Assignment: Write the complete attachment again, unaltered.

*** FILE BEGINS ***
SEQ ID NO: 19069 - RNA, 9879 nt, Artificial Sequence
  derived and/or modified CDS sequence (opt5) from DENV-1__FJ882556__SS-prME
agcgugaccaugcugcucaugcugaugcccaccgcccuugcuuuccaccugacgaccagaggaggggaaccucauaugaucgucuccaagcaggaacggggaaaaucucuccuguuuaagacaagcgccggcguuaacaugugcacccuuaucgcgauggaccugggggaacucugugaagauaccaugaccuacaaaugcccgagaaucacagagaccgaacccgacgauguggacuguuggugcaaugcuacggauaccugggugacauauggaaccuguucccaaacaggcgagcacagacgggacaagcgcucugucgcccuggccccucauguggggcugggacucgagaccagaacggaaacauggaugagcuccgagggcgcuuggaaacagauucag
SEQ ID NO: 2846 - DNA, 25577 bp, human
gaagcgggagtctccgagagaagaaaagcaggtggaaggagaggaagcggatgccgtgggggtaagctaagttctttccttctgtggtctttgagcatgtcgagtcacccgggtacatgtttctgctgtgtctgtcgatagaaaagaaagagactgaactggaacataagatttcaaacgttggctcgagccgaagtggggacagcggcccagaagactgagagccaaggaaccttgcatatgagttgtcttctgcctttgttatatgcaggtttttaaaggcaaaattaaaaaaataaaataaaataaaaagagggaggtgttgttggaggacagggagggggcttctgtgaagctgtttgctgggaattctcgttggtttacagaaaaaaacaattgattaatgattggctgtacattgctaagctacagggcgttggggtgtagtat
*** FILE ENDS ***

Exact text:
SEQ ID NO: 19069 - RNA, 9879 nt, Artificial Sequence
  derived and/or modified CDS sequence (opt5) from DENV-1__FJ882556__SS-prME
agcgugaccaugcugcucaugcugaugcccaccgcccuugcuuuccaccugacgaccagaggaggggaaccucauaugaucgucuccaagcaggaacggggaaaaucucuccuguuuaagacaagcgccggcguuaacaugugcacccuuaucgcgauggaccugggggaacucugugaagauaccaugaccuacaaaugcccgagaaucacagagaccgaacccgacgauguggacuguuggugcaaugcuacggauaccugggugacauauggaaccuguucccaaacaggcgagcacagacgggacaagcgcucugucgcccuggccccucauguggggcugggacucgagaccagaacggaaacauggaugagcuccgagggcgcuuggaaacagauucag
SEQ ID NO: 2846 - DNA, 25577 bp, human
gaagcgggagtctccgagagaagaaaagcaggtggaaggagaggaagcggatgccgtgggggtaagctaagttctttccttctgtggtctttgagcatgtcgagtcacccgggtacatgtttctgctgtgtctgtcgatagaaaagaaagagactgaactggaacataagatttcaaacgttggctcgagccgaagtggggacagcggcccagaagactgagagccaaggaaccttgcatatgagttgtcttctgcctttgttatatgcaggtttttaaaggcaaaattaaaaaaataaaataaaataaaaagagggaggtgttgttggaggacagggagggggcttctgtgaagctgtttgctgggaattctcgttggtttacagaaaaaaacaattgattaatgattggctgtacattgctaagctacagggcgttggggtgtagtat